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Planning with meaning and purpose

Planning with purpose and meaning

In Relational Learning, planning is a significant step of the learning process. Planning might sound like a “to-do list” for the day. Still, if there is one element that educators should never forget when working with students, they are individuals with specific interests, hopes, aspirations, emotions, and goals. To remain true to the Relational Learning framework is to include this vision in the planning process.

 

If you want your students to find meaning in their planning, make sure to include the following elements:

 

  1. Emotions check-in: In Relational Learning, it is essential for students to recognize their emotions and manage them. Self-awareness, self-management, social awareness, relationship skills, and responsible decision-making are core competencies that students acquire as they become autonomous. Therefore, when students start their day, it is important to take a moment to reflect on their emotions. How are they feeling? What are they looking forward to? What are they excited about? What will make their day or week great in terms of relationships?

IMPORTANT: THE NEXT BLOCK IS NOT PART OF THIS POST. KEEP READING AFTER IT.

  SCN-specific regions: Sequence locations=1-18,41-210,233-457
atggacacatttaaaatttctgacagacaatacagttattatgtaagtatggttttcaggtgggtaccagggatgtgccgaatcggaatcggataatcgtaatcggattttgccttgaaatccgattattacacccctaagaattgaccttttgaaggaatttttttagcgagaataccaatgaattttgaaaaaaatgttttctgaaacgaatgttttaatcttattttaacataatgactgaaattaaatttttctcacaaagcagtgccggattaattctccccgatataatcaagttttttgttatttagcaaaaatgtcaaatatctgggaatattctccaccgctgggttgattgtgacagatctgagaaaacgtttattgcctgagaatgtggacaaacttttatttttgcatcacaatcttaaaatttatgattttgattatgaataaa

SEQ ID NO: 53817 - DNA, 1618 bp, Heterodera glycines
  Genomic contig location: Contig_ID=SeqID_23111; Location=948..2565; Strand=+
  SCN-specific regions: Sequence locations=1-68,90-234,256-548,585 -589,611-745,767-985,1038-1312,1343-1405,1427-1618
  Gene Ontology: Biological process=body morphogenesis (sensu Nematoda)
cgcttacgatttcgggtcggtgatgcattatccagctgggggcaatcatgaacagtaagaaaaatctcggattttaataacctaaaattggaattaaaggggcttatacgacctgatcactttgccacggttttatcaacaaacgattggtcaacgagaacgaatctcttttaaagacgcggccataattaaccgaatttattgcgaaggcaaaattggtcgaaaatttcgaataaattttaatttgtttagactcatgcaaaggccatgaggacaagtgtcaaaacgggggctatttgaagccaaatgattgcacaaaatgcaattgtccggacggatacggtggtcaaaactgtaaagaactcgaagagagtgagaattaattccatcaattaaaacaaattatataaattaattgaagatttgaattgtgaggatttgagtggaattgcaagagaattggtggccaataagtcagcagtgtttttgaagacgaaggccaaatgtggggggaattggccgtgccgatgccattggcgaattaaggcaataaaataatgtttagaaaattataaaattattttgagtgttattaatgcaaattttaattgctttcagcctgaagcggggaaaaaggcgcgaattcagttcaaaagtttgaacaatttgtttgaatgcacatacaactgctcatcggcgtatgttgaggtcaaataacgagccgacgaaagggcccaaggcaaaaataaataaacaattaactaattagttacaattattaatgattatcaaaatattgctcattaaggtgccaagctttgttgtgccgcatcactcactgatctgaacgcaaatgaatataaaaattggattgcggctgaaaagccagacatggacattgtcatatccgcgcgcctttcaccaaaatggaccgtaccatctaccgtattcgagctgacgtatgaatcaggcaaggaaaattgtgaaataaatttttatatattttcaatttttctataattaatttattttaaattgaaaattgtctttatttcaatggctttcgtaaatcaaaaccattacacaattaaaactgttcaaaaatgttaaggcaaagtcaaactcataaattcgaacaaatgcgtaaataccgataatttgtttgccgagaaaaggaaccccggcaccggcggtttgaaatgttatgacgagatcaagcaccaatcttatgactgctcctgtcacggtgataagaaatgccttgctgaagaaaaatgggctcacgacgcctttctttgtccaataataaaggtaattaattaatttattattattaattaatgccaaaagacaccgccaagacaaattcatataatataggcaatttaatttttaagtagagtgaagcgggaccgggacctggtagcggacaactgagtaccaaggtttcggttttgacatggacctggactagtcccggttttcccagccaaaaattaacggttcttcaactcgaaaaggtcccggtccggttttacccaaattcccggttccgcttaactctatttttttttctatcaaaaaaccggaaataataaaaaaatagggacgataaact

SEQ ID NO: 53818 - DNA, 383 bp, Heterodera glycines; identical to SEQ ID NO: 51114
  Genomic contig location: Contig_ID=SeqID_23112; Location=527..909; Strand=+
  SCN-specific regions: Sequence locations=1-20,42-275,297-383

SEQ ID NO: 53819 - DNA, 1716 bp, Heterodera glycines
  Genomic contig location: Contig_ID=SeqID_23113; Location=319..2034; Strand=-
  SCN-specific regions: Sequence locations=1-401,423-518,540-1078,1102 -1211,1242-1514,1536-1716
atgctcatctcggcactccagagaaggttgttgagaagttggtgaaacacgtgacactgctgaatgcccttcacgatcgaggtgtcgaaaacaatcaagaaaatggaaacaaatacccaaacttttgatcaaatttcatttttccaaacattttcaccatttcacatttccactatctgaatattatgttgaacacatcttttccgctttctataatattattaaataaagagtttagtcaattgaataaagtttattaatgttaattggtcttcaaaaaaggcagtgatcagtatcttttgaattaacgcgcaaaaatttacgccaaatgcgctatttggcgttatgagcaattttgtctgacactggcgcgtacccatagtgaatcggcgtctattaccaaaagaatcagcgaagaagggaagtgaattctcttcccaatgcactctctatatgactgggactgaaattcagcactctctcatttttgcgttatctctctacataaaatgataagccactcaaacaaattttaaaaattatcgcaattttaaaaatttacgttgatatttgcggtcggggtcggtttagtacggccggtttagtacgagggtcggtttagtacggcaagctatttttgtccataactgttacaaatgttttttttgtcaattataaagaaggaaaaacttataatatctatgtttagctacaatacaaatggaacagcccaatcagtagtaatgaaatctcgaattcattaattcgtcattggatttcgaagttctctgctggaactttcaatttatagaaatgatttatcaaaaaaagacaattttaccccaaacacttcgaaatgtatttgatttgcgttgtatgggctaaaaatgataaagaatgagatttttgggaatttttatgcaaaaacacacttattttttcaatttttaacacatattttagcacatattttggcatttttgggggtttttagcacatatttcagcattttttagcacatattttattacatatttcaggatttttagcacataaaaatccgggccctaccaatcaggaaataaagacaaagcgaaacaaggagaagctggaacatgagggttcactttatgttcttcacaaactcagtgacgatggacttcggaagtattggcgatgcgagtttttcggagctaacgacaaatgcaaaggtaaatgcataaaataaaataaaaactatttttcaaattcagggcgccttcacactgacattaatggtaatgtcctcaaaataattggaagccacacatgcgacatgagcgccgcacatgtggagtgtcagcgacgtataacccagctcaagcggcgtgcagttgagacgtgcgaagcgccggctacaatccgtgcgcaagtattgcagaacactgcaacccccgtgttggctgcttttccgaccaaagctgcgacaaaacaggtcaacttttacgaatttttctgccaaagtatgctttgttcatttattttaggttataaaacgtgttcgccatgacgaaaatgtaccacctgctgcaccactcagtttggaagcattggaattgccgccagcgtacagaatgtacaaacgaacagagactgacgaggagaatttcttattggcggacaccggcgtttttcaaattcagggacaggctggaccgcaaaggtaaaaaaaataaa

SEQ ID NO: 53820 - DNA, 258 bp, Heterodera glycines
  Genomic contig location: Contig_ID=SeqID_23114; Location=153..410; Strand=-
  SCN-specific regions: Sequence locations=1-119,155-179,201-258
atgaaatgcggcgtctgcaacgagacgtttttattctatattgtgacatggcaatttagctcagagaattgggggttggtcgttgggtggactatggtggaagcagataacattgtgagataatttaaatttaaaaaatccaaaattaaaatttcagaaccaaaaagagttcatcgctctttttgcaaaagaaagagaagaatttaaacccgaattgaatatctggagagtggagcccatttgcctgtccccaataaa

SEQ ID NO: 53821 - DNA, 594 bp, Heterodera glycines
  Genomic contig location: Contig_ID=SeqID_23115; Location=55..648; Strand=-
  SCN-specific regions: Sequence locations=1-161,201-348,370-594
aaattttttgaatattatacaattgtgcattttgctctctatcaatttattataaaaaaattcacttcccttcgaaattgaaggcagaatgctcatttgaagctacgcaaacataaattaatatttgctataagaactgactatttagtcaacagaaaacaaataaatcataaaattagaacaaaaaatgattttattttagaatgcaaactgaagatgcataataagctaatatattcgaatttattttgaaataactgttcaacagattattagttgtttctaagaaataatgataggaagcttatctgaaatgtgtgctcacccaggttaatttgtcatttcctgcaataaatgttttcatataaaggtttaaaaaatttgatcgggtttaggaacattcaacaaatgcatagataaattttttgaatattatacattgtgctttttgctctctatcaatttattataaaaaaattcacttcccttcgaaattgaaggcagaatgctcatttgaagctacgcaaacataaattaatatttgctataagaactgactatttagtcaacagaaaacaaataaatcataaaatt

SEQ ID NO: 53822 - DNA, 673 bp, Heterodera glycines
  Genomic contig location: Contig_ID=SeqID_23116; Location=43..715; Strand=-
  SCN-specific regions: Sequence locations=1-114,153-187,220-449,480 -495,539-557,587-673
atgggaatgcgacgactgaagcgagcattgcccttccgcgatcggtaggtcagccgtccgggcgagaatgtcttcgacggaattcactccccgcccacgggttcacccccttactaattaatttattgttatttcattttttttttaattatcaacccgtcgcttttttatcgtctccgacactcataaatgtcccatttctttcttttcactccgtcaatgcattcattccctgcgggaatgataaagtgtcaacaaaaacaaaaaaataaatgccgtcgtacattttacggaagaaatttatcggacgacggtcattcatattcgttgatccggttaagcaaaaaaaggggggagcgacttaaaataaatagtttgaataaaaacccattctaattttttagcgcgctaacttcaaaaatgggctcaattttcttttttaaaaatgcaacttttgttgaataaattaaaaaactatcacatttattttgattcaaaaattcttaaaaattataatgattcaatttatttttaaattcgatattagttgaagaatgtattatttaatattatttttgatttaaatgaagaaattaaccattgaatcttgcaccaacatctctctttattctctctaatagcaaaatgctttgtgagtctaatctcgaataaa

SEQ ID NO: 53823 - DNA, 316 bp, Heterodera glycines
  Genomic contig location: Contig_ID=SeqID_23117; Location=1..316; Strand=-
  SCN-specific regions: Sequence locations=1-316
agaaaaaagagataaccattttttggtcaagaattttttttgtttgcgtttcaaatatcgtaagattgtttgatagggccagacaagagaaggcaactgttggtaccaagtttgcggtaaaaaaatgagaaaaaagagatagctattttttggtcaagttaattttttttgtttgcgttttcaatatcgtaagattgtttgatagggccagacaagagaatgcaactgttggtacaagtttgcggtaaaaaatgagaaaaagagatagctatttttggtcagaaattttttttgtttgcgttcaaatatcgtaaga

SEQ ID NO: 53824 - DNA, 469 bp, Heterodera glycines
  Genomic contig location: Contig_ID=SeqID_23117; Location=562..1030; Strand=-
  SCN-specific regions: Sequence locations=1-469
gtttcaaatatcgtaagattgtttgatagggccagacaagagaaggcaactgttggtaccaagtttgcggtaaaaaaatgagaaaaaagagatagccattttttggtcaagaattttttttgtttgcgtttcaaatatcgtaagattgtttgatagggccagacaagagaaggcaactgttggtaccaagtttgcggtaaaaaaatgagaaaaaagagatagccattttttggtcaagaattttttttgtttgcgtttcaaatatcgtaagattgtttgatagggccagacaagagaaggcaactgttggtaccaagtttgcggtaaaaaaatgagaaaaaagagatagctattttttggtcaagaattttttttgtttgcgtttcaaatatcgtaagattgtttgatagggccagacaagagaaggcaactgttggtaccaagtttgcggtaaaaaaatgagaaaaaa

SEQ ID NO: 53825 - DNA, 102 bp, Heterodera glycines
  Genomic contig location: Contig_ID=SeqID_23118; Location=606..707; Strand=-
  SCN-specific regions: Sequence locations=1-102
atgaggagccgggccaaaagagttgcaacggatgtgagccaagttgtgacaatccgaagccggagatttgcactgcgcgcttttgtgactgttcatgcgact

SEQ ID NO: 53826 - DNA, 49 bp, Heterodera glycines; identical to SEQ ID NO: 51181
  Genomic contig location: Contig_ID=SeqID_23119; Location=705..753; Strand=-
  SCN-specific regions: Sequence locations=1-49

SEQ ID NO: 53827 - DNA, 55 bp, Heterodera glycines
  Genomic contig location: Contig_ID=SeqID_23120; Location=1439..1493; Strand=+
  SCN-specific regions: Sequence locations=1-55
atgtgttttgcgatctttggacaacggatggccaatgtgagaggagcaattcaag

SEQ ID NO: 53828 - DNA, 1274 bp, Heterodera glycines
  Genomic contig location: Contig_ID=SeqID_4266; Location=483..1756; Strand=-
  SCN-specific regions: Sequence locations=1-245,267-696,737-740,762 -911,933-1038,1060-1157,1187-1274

1. SMART goals: Planning only works if the goals are meaningful. Students will look forward to completing their goals if they are purposeful. Therefore, it is essential to teach students to work with SMART goals (Specific, Measurable, Achievable, Relevant, and Time-bound). Remember that students have their aspirations and interests and that the Relational Learning framework values them as individuals. Be respectful and supportive of their dreams but challenge them to set SMART goals so that they can measure their success in reaching them.

 

  1. Prioritizing: Planning is not an easy task, but students will love it if they discover that they can reach their goals. However, working with SMART goals is not enough; students must also prioritize their goals. They will become incredibly proud of their planning skills if they realize that they can reach their most important goals (if not all of them!)

 

  1. Reflection: When students develop their planning skills, they must also remember to include space for reflection and metacognition. They must return to their goals at the end of each day to assess if they have reached them. Working with SMART goals allows your students to have a measure of success embedded in the goals.

 

Students will love checking their goals off at the end of each day, which means that they will love the planning process too! When they plan their goals, students take ownership of their learning and find purpose in education, which is everything an educator can hope for.

 

Por Orianne Tairum, educator

       Global Field Academy

       Miami, Florida USA

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